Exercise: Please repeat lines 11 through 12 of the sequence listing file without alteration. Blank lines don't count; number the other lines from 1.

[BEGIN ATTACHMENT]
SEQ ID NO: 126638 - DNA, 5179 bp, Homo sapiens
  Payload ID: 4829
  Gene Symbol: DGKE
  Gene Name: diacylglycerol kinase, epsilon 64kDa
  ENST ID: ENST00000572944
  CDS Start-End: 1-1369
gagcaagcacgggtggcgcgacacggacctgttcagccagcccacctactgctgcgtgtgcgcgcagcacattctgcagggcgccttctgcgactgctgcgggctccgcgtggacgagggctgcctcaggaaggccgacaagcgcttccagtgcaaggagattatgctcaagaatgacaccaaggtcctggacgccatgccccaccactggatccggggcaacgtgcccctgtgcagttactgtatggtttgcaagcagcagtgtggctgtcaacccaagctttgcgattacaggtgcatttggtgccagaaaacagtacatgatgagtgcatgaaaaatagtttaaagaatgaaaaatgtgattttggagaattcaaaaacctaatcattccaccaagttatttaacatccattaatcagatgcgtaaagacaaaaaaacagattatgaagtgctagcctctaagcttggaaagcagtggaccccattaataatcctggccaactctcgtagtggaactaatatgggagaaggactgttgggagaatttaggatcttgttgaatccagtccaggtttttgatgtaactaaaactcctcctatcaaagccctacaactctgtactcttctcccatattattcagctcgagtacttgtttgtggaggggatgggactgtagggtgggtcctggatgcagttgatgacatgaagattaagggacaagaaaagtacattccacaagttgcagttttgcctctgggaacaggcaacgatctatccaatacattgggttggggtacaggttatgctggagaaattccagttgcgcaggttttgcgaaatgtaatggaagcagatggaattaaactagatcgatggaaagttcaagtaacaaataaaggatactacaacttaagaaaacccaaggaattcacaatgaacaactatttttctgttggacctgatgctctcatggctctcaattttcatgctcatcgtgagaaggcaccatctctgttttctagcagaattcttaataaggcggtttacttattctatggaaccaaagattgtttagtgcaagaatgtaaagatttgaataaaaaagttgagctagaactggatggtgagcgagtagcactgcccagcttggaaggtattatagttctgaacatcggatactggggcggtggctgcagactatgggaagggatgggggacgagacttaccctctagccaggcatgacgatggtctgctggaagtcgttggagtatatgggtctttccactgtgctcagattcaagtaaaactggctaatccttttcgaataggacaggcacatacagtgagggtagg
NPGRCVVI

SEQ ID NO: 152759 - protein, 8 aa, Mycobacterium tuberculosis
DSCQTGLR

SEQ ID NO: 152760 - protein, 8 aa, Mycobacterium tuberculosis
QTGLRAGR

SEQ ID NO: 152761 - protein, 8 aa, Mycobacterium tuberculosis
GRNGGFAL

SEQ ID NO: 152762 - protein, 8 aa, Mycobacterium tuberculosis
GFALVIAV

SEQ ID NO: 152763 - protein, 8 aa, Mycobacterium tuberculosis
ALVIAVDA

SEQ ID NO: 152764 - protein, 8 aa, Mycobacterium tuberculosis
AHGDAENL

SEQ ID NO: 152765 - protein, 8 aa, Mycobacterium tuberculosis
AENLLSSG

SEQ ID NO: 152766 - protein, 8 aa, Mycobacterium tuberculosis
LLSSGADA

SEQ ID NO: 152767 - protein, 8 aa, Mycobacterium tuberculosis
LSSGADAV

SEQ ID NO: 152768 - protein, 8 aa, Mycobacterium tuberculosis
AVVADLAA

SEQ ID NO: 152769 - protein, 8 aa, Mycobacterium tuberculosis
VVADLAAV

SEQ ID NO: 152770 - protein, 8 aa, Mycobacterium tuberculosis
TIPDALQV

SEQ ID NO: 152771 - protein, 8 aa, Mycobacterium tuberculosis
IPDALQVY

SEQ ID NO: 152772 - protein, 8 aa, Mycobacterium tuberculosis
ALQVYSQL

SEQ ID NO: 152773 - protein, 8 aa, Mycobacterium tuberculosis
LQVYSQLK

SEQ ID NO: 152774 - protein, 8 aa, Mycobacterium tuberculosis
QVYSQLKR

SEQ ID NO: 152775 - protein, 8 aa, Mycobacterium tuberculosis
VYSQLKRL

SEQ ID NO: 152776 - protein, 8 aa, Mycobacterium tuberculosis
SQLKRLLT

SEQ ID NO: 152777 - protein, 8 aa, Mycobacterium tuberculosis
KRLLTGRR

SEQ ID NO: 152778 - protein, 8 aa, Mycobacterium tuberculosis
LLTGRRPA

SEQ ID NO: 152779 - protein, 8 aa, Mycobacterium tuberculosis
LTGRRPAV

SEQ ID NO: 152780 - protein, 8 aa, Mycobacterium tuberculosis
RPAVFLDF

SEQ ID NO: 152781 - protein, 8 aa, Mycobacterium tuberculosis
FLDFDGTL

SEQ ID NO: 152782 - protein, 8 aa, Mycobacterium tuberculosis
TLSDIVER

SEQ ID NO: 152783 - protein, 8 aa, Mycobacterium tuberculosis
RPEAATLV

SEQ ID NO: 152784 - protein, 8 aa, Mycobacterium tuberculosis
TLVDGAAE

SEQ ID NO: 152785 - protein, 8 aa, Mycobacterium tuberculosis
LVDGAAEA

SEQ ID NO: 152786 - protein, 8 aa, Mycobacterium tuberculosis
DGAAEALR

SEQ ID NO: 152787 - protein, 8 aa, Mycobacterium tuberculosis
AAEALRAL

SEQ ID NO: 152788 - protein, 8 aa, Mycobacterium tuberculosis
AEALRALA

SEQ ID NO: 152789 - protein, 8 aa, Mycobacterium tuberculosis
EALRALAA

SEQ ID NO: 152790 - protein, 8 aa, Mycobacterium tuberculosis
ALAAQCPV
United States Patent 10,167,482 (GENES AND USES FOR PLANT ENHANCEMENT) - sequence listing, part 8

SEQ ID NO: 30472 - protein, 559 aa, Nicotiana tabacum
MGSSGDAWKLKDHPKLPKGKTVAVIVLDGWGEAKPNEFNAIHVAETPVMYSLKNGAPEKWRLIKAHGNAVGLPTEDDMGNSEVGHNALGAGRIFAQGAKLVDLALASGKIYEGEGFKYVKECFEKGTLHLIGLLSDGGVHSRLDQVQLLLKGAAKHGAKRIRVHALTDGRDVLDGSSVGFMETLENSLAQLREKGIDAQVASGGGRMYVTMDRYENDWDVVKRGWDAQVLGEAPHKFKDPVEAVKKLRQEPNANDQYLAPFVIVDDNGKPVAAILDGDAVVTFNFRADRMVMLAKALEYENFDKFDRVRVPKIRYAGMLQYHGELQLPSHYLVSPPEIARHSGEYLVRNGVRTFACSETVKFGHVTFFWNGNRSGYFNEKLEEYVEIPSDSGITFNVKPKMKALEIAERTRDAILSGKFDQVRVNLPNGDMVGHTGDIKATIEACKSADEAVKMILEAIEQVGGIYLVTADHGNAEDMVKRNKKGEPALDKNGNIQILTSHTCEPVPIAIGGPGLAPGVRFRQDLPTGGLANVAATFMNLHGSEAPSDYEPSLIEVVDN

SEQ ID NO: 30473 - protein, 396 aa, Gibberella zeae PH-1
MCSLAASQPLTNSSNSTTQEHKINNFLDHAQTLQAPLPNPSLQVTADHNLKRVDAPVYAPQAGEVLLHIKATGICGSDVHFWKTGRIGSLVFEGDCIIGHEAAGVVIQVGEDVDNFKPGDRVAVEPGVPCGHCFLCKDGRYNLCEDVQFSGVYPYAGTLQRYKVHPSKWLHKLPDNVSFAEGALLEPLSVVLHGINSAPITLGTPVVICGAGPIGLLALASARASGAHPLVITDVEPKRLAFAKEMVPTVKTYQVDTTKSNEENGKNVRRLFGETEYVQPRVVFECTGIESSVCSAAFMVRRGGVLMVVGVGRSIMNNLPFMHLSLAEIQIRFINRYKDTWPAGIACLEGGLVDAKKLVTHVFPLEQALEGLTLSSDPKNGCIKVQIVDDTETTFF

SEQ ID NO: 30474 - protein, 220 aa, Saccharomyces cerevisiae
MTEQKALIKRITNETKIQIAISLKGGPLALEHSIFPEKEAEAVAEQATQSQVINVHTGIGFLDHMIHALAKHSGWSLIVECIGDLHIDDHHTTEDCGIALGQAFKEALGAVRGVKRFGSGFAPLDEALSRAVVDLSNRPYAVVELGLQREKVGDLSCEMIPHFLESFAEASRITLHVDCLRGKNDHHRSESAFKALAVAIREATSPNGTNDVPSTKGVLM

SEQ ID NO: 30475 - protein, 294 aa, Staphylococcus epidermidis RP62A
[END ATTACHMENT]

SEQ ID NO: 152760 - protein, 8 aa, Mycobacterium tuberculosis
QTGLRAGR